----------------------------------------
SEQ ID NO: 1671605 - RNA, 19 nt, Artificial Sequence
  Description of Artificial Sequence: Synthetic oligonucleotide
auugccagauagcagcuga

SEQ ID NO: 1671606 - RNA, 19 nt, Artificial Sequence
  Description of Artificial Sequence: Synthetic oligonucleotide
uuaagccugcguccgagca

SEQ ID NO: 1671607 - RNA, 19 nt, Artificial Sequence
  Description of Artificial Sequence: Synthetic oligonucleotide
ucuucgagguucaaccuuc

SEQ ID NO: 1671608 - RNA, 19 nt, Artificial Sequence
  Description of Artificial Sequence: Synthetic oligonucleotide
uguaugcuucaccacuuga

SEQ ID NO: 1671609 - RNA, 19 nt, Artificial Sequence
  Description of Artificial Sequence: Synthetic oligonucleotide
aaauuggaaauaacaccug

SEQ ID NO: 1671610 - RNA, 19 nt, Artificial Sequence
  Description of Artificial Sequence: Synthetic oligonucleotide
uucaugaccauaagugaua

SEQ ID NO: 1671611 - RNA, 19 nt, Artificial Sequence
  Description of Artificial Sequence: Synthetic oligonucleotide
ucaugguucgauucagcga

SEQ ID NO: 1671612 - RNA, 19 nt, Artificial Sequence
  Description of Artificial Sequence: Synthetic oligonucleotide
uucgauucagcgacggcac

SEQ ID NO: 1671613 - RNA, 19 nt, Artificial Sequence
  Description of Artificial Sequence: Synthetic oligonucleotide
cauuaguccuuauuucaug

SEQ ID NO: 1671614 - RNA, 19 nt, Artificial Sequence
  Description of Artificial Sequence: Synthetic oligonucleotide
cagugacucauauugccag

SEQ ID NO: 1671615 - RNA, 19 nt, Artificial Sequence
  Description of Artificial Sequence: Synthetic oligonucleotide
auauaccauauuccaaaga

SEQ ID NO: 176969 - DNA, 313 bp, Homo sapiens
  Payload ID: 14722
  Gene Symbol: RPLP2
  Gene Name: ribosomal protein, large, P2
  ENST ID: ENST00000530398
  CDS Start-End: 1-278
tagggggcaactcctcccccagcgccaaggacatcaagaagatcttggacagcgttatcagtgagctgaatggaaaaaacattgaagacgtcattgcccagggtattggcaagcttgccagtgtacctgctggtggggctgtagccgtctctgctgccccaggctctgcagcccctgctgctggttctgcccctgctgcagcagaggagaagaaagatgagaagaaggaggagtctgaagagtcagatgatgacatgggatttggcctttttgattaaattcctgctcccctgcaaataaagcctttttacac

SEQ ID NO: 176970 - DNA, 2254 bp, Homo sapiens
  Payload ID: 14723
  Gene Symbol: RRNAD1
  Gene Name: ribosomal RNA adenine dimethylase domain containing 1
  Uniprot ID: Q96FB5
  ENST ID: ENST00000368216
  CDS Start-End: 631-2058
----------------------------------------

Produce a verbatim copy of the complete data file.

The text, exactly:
SEQ ID NO: 1671605 - RNA, 19 nt, Artificial Sequence
  Description of Artificial Sequence: Synthetic oligonucleotide
auugccagauagcagcuga

SEQ ID NO: 1671606 - RNA, 19 nt, Artificial Sequence
  Description of Artificial Sequence: Synthetic oligonucleotide
uuaagccugcguccgagca

SEQ ID NO: 1671607 - RNA, 19 nt, Artificial Sequence
  Description of Artificial Sequence: Synthetic oligonucleotide
ucuucgagguucaaccuuc

SEQ ID NO: 1671608 - RNA, 19 nt, Artificial Sequence
  Description of Artificial Sequence: Synthetic oligonucleotide
uguaugcuucaccacuuga

SEQ ID NO: 1671609 - RNA, 19 nt, Artificial Sequence
  Description of Artificial Sequence: Synthetic oligonucleotide
aaauuggaaauaacaccug

SEQ ID NO: 1671610 - RNA, 19 nt, Artificial Sequence
  Description of Artificial Sequence: Synthetic oligonucleotide
uucaugaccauaagugaua

SEQ ID NO: 1671611 - RNA, 19 nt, Artificial Sequence
  Description of Artificial Sequence: Synthetic oligonucleotide
ucaugguucgauucagcga

SEQ ID NO: 1671612 - RNA, 19 nt, Artificial Sequence
  Description of Artificial Sequence: Synthetic oligonucleotide
uucgauucagcgacggcac

SEQ ID NO: 1671613 - RNA, 19 nt, Artificial Sequence
  Description of Artificial Sequence: Synthetic oligonucleotide
cauuaguccuuauuucaug

SEQ ID NO: 1671614 - RNA, 19 nt, Artificial Sequence
  Description of Artificial Sequence: Synthetic oligonucleotide
cagugacucauauugccag

SEQ ID NO: 1671615 - RNA, 19 nt, Artificial Sequence
  Description of Artificial Sequence: Synthetic oligonucleotide
auauaccauauuccaaaga

SEQ ID NO: 176969 - DNA, 313 bp, Homo sapiens
  Payload ID: 14722
  Gene Symbol: RPLP2
  Gene Name: ribosomal protein, large, P2
  ENST ID: ENST00000530398
  CDS Start-End: 1-278
tagggggcaactcctcccccagcgccaaggacatcaagaagatcttggacagcgttatcagtgagctgaatggaaaaaacattgaagacgtcattgcccagggtattggcaagcttgccagtgtacctgctggtggggctgtagccgtctctgctgccccaggctctgcagcccctgctgctggttctgcccctgctgcagcagaggagaagaaagatgagaagaaggaggagtctgaagagtcagatgatgacatgggatttggcctttttgattaaattcctgctcccctgcaaataaagcctttttacac

SEQ ID NO: 176970 - DNA, 2254 bp, Homo sapiens
  Payload ID: 14723
  Gene Symbol: RRNAD1
  Gene Name: ribosomal RNA adenine dimethylase domain containing 1
  Uniprot ID: Q96FB5
  ENST ID: ENST00000368216
  CDS Start-End: 631-2058